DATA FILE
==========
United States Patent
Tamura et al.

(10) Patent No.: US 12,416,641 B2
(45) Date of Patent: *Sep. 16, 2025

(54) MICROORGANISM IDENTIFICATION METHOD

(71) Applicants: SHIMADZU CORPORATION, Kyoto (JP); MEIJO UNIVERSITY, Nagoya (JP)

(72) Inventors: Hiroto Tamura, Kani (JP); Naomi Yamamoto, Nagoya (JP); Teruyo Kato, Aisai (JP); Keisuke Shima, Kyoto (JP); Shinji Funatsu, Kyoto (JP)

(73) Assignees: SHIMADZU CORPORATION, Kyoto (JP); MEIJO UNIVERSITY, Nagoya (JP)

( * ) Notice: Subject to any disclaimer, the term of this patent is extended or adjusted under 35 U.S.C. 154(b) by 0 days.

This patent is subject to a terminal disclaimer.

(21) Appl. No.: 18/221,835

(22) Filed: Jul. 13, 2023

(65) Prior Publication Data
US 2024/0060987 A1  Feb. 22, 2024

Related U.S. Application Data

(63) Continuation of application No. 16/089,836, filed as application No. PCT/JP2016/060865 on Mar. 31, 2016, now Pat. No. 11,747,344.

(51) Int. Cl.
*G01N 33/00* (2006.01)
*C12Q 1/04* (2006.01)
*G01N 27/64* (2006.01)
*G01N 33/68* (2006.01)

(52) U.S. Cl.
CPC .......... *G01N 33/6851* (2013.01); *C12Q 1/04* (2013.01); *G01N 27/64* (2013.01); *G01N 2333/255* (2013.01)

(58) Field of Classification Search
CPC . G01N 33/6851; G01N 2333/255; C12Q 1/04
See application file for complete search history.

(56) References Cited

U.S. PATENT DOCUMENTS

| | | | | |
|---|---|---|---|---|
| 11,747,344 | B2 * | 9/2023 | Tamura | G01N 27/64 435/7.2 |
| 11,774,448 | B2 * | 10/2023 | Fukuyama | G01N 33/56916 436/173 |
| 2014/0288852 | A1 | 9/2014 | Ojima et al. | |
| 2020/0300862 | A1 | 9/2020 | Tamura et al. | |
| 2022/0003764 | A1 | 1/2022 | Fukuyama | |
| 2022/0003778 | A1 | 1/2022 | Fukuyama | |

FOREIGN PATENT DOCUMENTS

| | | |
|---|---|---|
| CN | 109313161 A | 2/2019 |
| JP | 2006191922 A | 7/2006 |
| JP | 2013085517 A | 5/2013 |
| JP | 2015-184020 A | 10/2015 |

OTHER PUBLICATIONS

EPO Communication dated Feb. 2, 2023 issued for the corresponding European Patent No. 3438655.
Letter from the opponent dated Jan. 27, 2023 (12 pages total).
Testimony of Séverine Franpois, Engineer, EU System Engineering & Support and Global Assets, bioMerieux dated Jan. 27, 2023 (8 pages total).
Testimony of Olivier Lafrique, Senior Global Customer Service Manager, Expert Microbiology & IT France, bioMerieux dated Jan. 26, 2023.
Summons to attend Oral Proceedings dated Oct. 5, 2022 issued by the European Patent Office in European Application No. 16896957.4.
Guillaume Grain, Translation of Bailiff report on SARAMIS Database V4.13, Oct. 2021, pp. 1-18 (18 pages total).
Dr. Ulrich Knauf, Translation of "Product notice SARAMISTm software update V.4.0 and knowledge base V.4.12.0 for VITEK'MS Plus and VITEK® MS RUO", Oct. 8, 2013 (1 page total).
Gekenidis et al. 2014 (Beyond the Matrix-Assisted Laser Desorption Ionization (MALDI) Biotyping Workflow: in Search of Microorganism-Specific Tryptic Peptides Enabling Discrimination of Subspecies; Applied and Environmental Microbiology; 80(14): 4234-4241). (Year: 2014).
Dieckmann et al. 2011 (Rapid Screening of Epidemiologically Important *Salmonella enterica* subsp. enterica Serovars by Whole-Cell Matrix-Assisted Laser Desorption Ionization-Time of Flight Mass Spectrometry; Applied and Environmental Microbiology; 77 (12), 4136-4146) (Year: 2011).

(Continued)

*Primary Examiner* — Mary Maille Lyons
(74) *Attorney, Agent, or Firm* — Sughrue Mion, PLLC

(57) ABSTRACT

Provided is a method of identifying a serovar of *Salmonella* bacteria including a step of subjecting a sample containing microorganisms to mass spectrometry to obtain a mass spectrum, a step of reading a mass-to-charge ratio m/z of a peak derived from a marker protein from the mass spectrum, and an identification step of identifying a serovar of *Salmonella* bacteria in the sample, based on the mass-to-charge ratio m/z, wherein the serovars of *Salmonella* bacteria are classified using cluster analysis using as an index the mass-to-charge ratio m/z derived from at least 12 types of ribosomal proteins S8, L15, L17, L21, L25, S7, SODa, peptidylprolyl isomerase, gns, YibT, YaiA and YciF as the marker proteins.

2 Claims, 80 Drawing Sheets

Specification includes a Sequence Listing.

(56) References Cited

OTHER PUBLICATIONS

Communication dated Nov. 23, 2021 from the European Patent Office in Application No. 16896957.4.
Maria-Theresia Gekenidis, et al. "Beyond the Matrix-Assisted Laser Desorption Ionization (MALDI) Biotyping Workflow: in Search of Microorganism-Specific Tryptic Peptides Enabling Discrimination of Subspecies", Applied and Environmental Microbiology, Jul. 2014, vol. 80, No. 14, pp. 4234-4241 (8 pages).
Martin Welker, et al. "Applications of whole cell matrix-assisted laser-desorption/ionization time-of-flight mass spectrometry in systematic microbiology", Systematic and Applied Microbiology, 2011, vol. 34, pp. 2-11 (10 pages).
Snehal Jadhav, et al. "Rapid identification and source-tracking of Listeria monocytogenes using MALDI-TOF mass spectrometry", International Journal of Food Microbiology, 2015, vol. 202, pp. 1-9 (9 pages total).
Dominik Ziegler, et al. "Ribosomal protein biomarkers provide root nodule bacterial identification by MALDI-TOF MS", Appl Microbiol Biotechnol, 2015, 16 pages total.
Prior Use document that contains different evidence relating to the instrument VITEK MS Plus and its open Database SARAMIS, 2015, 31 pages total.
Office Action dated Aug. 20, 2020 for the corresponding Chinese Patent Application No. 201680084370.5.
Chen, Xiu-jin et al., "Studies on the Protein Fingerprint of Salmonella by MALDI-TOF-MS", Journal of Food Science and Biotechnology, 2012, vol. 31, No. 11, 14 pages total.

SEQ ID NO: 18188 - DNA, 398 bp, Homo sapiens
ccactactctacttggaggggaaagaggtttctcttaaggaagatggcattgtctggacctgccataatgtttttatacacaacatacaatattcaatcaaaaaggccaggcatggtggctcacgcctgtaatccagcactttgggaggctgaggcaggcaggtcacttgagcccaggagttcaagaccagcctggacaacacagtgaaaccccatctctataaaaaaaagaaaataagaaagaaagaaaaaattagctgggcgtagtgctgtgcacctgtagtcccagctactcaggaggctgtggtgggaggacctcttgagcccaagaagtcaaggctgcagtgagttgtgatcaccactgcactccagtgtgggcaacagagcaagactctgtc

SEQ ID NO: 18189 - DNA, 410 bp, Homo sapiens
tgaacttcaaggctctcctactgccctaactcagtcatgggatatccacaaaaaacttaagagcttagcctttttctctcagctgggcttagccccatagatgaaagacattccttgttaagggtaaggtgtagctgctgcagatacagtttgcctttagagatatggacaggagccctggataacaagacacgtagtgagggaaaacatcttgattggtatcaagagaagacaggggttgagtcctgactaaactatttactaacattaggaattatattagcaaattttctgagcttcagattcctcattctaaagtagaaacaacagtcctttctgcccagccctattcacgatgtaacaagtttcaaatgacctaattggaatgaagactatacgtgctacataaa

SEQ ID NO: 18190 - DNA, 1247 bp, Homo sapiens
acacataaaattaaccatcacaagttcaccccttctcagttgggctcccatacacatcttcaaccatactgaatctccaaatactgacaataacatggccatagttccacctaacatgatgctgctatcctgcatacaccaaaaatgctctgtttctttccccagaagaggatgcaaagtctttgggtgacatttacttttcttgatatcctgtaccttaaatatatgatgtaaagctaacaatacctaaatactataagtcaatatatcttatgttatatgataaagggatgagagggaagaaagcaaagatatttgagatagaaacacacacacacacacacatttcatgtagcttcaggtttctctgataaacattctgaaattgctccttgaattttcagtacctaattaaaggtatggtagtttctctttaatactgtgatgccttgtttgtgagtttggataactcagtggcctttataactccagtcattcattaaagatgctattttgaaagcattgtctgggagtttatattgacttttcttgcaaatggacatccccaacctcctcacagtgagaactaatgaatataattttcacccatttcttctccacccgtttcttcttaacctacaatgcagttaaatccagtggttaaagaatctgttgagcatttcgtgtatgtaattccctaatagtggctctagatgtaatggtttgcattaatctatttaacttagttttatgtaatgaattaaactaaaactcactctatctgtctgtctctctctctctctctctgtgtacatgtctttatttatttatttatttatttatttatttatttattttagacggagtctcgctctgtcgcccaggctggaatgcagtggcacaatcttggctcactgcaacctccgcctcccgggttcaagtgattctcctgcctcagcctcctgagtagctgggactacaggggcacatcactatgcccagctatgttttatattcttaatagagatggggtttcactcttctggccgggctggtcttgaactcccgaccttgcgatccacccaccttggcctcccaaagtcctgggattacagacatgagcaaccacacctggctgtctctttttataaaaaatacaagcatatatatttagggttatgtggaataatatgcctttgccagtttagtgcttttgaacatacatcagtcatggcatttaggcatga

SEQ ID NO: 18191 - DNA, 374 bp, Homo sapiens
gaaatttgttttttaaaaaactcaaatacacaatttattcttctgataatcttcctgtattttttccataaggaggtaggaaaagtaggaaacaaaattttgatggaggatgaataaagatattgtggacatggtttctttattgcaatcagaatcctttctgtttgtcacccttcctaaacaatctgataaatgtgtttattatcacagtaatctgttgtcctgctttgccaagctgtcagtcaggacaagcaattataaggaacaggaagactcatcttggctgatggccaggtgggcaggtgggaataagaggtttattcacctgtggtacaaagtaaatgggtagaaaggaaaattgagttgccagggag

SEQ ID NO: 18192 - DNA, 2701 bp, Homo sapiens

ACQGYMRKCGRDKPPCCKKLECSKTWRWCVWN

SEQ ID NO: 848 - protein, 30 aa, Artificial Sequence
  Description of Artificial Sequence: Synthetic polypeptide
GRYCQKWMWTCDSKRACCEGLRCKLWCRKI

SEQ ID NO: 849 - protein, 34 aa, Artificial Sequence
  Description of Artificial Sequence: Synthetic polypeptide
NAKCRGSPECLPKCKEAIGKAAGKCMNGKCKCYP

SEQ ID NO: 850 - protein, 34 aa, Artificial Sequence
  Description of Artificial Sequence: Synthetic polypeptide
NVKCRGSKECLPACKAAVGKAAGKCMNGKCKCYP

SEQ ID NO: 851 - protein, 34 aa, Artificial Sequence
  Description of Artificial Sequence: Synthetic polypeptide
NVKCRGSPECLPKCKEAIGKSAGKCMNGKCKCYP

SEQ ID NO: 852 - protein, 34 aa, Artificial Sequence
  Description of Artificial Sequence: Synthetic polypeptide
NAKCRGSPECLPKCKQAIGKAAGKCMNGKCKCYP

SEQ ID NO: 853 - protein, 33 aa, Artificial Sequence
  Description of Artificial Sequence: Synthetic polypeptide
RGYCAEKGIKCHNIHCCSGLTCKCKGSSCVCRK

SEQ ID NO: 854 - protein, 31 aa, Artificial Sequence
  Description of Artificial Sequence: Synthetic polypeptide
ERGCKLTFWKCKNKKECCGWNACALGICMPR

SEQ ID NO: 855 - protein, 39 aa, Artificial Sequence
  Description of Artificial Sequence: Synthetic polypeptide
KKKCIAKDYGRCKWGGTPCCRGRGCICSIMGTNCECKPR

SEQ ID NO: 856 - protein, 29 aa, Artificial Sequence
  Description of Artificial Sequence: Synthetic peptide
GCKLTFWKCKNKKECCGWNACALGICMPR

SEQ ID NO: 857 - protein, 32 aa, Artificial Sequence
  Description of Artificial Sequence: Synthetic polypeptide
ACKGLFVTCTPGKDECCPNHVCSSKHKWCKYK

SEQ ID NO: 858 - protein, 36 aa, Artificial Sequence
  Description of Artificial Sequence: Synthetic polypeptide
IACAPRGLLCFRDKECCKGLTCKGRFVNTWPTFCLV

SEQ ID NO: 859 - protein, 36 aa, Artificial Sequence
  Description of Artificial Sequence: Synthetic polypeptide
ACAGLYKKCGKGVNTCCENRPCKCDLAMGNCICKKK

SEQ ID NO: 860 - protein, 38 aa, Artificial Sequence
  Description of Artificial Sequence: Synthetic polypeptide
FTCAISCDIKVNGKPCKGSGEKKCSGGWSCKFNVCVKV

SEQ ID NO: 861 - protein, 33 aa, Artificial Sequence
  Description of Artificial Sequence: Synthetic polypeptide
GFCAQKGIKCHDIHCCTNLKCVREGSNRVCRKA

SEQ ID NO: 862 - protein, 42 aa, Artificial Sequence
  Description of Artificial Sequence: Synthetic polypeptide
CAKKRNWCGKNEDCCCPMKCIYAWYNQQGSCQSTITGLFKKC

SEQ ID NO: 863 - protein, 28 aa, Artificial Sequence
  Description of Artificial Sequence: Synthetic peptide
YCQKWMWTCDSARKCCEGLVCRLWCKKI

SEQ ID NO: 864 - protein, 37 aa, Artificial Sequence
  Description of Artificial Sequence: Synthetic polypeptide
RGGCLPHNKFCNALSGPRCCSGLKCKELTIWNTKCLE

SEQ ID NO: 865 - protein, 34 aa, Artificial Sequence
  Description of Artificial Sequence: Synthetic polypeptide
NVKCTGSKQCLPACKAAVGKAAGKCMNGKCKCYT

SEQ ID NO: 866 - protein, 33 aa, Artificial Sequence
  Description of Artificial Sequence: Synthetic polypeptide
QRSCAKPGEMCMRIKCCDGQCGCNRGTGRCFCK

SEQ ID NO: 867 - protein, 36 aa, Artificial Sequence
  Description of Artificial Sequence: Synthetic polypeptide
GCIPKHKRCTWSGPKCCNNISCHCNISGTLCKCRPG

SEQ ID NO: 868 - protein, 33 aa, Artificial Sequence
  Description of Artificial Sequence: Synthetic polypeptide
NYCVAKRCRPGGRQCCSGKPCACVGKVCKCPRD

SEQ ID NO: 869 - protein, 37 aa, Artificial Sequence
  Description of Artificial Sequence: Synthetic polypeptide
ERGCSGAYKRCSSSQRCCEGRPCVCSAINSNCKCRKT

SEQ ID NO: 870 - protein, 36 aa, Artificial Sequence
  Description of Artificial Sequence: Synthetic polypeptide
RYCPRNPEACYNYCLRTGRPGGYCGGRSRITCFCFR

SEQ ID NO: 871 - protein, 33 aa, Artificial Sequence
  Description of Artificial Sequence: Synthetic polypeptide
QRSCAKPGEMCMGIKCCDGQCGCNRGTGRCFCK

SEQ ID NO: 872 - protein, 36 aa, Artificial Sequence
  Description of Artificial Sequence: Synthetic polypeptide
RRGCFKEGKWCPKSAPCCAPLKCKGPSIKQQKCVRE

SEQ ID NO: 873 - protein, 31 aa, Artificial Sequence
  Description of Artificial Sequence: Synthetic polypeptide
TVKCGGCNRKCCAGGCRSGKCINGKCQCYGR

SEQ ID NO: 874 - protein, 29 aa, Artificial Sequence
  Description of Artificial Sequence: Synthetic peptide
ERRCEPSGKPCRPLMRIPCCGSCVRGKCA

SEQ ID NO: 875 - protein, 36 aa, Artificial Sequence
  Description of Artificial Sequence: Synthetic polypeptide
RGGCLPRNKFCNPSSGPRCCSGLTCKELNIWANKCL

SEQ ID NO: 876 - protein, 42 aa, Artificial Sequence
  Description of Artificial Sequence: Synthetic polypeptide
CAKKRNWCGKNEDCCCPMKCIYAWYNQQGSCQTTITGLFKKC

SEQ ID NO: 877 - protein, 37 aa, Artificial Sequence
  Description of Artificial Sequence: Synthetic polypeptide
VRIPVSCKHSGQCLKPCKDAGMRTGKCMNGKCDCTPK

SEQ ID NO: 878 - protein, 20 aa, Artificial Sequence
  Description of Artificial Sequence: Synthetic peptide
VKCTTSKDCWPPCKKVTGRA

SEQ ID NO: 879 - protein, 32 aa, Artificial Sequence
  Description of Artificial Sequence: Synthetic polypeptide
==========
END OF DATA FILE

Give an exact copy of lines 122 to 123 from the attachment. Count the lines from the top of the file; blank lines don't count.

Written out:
GFCAQKGIKCHDIHCCTNLKCVREGSNRVCRKA

SEQ ID NO: 862 - protein, 42 aa, Artificial Sequence